Bang Pa-In Palace

Under Thailand's unfathomable road signing convention, this famous but modest-sized stop-off has precedence over the ancient capital. That is not to say that Bang Pa-In, doesn't merit such prominence; as this immaculate complex of gorgeous royal residences in a variety of architectural styles, set in and around a picturesque lake amongst rolling grass lawns and flowerbeds will surely surprise you with its serenity and beauty. Located close to the Chao Phraya River, the original palace was built in the 17th Century as a summer palace for the Ayutthaya Kings. It was abandoned after the sacking of Ayutthaya in 1767 but was partially restored by King Mongkut (Rama IV) in the 1850s. All but one of the present day buildings were built by King Chulalongkorn (Rama V) in the late nineteenth century, who spent most of his summers here with his numerous royal consorts. King Rama V expanded the original grounds, and traditional Thai architecture has been supplemented by European styles and even one in Chinese Emperor style. The main places of interest are: Ho Hemmonthian Thewarat - a stone Prang (pagoda) under a banyan tree near the pond, built in 1879. Aisawanthipphaya-At Pavilion - The only Thai designed pavilion in the complex and located in the middle of the pond. Warophatphiman Hall - Also built in a European-style to serve as a throne hall for royal ceremonies. Saphakhan Ratchaprayun. Another Rama V colonial-style two-floor building, built for the King's brothers, and now exhibition hall displaying the history of Bang Pa-in Palace. Phra Thinang Utthayan Phumisathian - A two-story, pink-coloured, Victorian style mansion, built in 1938 by Queen Sirikit which served as a residence for members of the royal family and their guests. Wehat Chamrun - The last mansion built during the reign of King Rama V was built in 1889 by wealthy Chinese merchants in traditional Chinese Emperor-style. It was used as a royal residence by King Rama V and his family. Ho Witthunthassana: This three-storey, brightly painted 'light-house' type marble building, was built in 1881 and used as a viewing point to see the royal elephants and it also provides great views of the surrounding area. Wat Niwet Thamprawat - Across the river from the palace yet another of King Chulalongkorn's European style buildings was built in 1878. It is an active Buddhist temple masquerading as a Gothic church. Access is via a cable car in the car park. All the buildings except the temple can be viewed during a walkable stroll through the palace grounds. For the physically challenged, a golf buggy can be rented for 400B for 1 hour plus 100B for each additional hour. Temple dress code should be worn and if needed, a wrap-around skirt can be purchased for 100B, or you can borrow one for a 200B refundable deposit. You might want to bring an umbrella to protect you from the harsh afternoon sun. Food and drink can be purchased from several small cafes scattered around the palace grounds, as well as a welcome ice cream to cool you down. There is no overnight accommodation, but everything can be easily seen during a single day or even a half-day trip (many tourists stop off at Bang Pa-In on their way to Ayutthaya). Entry: 100B Open: 8:30pm - 4:30pm Tel: +66 35261044 Address: Tambon Bang Len, Amphoe Bang Pa-In, Phra Nakhon Si Ayutthaya Getting Here: From Ayutthaya; minibus/songtaews connect to Bang Pa-In from the central bus station. The train leaves every 45 minutes until 1:30pm. From Bang Pa-In station take a tuk-tuk for around 40 baht. A round trip by tuk-tuk from Ayutthaya will cost around 600B. From Bangkok you can take the Chiang Mai train, from Hua Lamphong or by bus from Mo Chit bus terminal. The 64km trip from Bangkok by car on the expressway takes about 60 mins and the 20km trip from Ayutthaya via Route 3477 takes 30 mins.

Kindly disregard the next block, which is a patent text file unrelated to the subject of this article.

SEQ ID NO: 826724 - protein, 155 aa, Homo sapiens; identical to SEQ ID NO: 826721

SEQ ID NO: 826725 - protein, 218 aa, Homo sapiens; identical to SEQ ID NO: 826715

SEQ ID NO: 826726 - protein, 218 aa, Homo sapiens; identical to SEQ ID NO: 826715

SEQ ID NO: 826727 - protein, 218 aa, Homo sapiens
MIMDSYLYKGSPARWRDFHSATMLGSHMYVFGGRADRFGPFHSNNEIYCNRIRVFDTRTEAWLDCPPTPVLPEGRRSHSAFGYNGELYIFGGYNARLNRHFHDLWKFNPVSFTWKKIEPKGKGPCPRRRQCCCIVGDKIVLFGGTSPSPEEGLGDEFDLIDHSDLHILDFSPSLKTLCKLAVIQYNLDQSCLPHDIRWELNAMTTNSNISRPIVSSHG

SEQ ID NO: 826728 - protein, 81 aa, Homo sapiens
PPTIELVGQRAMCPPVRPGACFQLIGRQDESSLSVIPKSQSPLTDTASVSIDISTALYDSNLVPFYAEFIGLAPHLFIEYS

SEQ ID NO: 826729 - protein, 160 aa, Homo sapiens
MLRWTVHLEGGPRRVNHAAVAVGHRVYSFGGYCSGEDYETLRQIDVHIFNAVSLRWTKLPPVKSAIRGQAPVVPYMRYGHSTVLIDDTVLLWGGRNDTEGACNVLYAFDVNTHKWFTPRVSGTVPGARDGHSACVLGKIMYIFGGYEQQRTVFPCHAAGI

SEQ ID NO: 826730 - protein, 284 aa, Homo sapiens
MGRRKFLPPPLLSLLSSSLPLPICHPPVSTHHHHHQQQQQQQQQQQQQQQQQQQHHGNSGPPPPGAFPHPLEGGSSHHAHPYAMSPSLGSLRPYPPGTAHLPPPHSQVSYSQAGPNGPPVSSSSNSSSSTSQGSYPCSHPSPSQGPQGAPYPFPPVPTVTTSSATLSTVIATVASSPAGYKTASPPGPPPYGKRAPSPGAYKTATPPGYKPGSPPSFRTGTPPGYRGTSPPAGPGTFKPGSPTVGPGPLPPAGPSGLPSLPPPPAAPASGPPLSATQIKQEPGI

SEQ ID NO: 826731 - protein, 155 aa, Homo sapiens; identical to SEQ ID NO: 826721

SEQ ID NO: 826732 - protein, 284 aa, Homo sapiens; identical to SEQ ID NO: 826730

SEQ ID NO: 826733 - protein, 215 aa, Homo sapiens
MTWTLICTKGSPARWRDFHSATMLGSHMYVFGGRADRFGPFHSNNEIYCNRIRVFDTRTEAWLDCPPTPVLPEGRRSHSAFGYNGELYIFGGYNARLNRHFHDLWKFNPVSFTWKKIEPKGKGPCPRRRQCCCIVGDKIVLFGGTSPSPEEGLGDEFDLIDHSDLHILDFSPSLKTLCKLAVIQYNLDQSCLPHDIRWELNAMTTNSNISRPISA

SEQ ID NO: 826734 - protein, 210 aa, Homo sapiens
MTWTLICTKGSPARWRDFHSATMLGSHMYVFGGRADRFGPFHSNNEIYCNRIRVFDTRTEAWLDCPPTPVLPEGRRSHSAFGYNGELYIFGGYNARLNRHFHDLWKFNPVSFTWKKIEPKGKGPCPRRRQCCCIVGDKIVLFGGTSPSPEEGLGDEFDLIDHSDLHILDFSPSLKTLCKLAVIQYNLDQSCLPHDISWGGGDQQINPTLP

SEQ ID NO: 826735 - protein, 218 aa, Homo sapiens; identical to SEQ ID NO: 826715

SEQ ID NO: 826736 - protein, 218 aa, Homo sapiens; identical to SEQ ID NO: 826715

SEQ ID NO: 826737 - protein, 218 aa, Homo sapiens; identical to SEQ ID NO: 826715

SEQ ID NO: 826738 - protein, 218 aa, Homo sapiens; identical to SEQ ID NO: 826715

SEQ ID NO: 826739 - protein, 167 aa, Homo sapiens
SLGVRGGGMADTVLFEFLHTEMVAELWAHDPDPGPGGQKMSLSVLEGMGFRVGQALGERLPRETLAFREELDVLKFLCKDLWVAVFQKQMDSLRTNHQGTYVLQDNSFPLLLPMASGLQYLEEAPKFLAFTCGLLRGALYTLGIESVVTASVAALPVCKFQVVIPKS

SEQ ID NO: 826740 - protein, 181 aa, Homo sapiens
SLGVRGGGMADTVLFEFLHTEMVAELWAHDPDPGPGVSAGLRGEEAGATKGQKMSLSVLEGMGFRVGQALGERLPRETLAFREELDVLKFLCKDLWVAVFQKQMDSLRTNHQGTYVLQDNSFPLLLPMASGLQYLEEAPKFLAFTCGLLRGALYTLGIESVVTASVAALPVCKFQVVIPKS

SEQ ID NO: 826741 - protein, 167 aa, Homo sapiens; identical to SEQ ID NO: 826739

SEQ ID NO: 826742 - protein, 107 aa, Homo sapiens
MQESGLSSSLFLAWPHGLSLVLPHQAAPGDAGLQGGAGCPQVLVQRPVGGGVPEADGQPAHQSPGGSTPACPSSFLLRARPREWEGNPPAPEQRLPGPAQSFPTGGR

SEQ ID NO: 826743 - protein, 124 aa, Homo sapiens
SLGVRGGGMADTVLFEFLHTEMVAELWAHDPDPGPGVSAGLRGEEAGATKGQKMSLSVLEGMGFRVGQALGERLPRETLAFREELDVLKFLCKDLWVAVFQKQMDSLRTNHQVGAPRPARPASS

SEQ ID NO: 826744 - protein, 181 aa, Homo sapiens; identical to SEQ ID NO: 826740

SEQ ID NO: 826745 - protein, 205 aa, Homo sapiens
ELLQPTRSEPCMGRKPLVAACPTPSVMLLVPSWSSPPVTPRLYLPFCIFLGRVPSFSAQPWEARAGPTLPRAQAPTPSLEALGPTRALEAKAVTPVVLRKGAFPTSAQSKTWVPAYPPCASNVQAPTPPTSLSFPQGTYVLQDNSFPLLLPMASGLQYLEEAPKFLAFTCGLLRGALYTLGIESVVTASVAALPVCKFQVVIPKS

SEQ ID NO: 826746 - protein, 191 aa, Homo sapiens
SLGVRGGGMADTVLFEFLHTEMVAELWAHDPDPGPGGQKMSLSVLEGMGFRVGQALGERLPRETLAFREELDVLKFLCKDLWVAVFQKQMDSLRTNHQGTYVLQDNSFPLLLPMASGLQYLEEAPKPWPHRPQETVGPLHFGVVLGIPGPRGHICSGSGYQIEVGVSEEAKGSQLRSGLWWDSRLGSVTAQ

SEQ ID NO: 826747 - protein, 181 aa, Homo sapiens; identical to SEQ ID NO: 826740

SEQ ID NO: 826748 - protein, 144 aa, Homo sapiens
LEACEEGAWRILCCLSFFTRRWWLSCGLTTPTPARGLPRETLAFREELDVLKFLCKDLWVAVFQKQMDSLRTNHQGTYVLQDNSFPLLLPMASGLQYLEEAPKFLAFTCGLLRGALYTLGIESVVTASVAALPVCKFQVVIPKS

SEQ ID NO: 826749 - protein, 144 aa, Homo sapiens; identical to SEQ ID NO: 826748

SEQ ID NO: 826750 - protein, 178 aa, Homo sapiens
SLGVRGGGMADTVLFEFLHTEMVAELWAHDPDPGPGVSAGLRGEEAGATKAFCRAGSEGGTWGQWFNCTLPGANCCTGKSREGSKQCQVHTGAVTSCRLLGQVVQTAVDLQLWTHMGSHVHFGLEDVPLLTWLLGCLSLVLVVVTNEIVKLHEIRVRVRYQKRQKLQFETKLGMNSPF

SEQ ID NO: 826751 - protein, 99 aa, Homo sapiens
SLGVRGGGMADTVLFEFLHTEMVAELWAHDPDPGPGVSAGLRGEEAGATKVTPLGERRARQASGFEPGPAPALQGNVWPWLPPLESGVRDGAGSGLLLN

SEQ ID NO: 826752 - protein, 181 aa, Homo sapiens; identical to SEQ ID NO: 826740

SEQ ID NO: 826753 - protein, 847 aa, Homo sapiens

Map of Central Thailand

Central Thailand-Map